Pediatr Emerg Med J.  2016 Dec;3(2):43-47. 10.22470/pemj.2016.3.2.43.

Underestimated risks of rare-earth magnet ingestion in children: when does it need surgery?

Affiliations
  • 1Department of Surgery, Dong-A University College of Medicine, Busan, Korea. d011029@naver.com

Abstract

This review discusses an underestimated risk of rare-earthmagnet (henceforth, magnet) ingestion in children and its surgical indication. Due to the ubiquity of magnets, the incidence of magnet ingestion has rapidly increased. While most foreign body ingestions show spontaneous passage, multiple magnet ingestion requires surgery in 30%-70% of the cases. Multiple magnets can attract each other across the bowel wall, leading to pressure necrosis, and subsequently, fistula, perforation, obstruction or volvulus. After recognizing magnet ingestion, the number of magnets should be checked using radiographs. In case of multiple magnet ingestion, surgery should be promptly considered.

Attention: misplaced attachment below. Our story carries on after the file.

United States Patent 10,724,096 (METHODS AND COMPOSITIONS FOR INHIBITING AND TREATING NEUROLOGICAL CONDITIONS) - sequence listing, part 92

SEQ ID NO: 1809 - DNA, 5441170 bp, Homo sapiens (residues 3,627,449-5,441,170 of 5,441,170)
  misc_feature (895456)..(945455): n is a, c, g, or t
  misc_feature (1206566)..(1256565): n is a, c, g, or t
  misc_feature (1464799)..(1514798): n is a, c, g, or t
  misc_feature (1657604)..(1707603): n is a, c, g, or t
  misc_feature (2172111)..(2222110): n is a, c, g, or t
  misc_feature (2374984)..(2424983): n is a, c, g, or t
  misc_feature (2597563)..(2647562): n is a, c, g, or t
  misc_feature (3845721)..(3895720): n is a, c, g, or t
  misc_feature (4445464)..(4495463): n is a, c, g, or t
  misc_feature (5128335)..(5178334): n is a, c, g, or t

Keyword

Child; Foreign Bodies; Gastrointestinal Tract; General Surgery; Magnets; Neodymium

MeSH Terms

Child*
Eating*
Fistula
Foreign Bodies
Gastrointestinal Tract
Humans
Incidence
Intestinal Volvulus
Necrosis
Neodymium
Neodymium
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